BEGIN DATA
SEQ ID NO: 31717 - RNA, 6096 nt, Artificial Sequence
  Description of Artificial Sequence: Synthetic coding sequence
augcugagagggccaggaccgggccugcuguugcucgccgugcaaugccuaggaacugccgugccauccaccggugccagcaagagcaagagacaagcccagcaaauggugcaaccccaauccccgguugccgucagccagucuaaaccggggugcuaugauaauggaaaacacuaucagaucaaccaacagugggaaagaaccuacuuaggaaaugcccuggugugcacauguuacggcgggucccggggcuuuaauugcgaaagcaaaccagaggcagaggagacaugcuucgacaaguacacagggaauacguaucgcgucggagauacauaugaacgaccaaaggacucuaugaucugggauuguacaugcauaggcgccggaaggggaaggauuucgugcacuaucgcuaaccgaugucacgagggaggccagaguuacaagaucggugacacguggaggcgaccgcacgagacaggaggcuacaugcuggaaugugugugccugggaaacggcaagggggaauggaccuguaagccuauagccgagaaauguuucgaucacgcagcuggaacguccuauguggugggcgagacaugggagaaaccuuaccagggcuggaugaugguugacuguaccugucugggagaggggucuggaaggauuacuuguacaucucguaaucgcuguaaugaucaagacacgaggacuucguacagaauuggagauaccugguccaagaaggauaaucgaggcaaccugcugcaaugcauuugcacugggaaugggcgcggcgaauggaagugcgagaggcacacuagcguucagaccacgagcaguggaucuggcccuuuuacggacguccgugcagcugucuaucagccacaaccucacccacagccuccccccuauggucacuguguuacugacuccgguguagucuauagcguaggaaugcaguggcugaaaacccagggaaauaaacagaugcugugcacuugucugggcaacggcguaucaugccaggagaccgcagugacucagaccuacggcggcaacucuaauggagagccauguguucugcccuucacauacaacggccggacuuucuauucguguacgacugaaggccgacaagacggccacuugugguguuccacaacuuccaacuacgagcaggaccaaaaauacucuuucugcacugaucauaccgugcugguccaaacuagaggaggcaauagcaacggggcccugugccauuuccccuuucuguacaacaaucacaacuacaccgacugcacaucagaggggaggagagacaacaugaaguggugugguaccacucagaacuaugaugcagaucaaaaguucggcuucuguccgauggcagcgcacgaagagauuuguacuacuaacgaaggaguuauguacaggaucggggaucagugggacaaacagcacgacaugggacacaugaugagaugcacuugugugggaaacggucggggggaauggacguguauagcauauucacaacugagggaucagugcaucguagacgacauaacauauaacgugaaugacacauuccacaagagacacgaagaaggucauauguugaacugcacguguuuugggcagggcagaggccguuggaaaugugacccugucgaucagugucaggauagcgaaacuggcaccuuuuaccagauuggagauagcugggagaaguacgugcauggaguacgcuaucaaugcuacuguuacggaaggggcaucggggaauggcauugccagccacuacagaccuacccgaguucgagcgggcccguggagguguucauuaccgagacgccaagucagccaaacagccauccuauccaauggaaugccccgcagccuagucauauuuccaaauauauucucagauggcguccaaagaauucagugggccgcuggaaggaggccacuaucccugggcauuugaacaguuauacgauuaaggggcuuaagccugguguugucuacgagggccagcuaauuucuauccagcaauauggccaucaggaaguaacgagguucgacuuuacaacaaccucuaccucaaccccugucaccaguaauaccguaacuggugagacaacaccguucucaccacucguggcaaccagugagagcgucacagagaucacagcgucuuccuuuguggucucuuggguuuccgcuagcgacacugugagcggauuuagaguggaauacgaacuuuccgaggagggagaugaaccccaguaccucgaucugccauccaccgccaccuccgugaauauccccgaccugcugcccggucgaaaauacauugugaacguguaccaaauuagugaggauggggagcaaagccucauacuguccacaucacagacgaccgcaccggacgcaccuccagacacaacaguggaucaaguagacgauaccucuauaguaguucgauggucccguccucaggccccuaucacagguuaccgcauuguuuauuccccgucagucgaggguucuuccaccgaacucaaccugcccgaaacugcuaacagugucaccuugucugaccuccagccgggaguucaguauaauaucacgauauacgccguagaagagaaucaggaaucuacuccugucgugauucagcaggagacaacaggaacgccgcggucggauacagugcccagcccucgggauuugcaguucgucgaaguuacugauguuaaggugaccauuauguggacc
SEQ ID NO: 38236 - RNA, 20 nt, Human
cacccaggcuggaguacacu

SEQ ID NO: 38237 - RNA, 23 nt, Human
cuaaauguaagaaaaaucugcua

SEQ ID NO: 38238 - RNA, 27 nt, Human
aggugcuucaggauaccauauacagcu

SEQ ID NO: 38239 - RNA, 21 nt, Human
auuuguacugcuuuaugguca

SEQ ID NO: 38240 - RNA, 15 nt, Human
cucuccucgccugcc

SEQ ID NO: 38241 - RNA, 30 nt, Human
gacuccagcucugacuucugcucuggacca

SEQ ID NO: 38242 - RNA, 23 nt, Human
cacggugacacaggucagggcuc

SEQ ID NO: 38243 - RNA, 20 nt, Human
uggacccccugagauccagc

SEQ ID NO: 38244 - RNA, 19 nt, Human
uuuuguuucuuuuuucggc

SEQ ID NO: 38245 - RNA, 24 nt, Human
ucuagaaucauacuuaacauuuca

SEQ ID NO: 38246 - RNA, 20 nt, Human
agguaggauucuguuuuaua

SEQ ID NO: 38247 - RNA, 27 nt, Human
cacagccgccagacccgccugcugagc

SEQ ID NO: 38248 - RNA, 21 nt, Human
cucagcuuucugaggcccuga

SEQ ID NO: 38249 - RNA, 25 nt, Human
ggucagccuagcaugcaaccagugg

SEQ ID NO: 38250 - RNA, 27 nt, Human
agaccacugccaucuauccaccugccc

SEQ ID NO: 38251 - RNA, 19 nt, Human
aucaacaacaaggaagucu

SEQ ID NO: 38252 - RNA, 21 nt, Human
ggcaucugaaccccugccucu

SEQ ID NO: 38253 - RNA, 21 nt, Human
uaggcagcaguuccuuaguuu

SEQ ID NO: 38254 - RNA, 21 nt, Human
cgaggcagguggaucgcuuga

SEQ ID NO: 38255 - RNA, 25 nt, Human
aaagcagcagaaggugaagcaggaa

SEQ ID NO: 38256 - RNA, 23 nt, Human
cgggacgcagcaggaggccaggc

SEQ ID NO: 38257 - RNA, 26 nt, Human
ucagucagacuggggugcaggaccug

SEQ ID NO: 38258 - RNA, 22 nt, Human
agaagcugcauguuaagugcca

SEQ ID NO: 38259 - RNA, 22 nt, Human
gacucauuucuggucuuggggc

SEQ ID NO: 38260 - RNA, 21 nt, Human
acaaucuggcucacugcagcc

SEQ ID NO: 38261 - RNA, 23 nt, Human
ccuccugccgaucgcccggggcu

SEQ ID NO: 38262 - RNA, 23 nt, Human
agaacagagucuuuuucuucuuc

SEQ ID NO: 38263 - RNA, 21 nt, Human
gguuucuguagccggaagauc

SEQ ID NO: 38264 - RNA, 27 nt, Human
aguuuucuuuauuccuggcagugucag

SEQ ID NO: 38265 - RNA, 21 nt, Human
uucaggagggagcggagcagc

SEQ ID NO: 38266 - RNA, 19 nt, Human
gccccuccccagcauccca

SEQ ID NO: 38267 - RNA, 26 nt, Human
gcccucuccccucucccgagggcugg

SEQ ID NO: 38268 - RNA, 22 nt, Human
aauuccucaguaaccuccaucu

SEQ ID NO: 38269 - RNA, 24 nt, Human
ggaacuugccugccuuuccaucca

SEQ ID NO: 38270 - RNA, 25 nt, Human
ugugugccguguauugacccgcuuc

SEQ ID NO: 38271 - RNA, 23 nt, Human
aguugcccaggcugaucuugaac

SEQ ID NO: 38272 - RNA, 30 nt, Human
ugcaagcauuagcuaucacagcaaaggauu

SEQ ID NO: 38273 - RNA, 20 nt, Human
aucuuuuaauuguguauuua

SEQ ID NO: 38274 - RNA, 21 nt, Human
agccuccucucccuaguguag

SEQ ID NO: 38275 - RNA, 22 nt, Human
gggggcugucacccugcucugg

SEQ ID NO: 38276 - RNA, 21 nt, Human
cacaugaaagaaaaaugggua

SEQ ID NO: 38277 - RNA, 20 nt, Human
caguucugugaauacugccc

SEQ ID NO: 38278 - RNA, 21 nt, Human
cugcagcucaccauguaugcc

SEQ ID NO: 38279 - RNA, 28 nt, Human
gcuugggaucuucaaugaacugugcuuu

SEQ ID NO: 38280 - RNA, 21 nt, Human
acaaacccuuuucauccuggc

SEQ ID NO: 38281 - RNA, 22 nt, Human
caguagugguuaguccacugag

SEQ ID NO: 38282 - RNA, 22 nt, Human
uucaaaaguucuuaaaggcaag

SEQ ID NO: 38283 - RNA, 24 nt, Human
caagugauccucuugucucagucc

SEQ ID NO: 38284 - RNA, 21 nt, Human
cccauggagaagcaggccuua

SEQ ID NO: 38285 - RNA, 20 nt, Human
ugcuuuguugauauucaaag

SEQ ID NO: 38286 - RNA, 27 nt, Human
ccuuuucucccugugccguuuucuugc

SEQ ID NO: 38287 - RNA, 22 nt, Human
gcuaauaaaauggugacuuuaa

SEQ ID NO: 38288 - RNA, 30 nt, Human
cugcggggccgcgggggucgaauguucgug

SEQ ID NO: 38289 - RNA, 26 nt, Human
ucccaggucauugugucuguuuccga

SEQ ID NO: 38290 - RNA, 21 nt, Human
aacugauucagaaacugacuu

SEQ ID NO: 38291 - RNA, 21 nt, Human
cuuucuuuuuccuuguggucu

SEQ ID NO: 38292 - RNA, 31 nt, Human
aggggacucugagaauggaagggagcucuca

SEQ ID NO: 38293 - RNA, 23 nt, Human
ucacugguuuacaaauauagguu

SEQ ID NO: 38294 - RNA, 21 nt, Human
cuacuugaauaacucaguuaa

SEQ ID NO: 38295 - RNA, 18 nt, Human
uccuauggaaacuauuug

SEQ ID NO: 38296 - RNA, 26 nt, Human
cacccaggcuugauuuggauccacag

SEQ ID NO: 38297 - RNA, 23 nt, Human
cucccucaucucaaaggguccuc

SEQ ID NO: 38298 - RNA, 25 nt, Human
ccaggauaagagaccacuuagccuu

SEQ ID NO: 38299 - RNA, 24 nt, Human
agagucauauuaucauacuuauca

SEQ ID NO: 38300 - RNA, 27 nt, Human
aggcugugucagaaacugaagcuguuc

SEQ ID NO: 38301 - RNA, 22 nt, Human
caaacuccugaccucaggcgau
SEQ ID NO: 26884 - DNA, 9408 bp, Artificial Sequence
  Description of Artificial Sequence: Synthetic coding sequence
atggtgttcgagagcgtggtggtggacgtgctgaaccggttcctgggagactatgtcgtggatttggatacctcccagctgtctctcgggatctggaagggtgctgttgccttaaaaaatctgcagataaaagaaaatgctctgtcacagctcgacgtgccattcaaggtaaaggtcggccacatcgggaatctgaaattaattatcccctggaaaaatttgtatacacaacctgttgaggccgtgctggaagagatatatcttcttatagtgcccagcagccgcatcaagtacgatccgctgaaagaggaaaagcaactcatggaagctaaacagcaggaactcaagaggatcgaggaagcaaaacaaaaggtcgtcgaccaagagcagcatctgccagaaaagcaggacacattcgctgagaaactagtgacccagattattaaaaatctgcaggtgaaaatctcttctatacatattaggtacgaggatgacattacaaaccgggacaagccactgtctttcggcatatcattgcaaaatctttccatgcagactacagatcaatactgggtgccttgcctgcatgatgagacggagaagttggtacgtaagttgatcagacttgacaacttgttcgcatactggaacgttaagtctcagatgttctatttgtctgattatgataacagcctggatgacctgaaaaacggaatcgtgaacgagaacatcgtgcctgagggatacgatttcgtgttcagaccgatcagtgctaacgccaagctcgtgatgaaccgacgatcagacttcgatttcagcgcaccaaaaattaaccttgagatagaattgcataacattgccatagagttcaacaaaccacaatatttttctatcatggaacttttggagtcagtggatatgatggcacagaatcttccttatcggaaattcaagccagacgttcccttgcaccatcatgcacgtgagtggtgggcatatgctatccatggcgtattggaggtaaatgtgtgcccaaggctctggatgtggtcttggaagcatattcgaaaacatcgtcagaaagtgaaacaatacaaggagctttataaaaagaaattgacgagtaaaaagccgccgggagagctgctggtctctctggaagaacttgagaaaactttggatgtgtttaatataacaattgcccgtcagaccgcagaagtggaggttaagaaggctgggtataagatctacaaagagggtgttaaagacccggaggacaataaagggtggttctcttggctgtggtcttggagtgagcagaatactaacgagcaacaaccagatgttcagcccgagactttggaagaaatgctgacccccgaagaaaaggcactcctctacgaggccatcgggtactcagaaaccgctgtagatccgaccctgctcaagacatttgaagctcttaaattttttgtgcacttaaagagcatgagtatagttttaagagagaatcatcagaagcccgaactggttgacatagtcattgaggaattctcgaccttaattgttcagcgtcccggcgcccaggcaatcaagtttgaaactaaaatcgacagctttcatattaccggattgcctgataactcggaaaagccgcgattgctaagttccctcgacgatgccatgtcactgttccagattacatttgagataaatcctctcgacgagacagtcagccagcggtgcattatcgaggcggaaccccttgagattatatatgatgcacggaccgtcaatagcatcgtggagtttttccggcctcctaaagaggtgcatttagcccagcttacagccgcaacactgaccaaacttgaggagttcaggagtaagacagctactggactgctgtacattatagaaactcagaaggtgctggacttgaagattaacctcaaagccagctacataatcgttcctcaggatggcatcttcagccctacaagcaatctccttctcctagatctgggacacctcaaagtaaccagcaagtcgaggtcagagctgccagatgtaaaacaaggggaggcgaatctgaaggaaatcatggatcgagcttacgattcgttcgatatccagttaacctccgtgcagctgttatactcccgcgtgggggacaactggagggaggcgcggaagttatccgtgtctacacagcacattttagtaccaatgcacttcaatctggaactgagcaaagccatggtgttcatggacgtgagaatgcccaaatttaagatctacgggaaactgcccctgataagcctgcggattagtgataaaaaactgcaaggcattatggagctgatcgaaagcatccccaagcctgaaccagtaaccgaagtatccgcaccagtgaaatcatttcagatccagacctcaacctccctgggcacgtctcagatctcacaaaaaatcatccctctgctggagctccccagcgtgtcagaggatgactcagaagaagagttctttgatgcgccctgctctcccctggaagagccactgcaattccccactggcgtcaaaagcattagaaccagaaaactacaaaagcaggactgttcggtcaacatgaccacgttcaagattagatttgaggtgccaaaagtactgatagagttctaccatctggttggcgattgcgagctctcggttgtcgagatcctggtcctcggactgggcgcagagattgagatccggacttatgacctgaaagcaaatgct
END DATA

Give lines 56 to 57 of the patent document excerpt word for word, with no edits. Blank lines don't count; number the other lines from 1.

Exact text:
SEQ ID NO: 38262 - RNA, 23 nt, Human
agaacagagucuuuuucuucuuc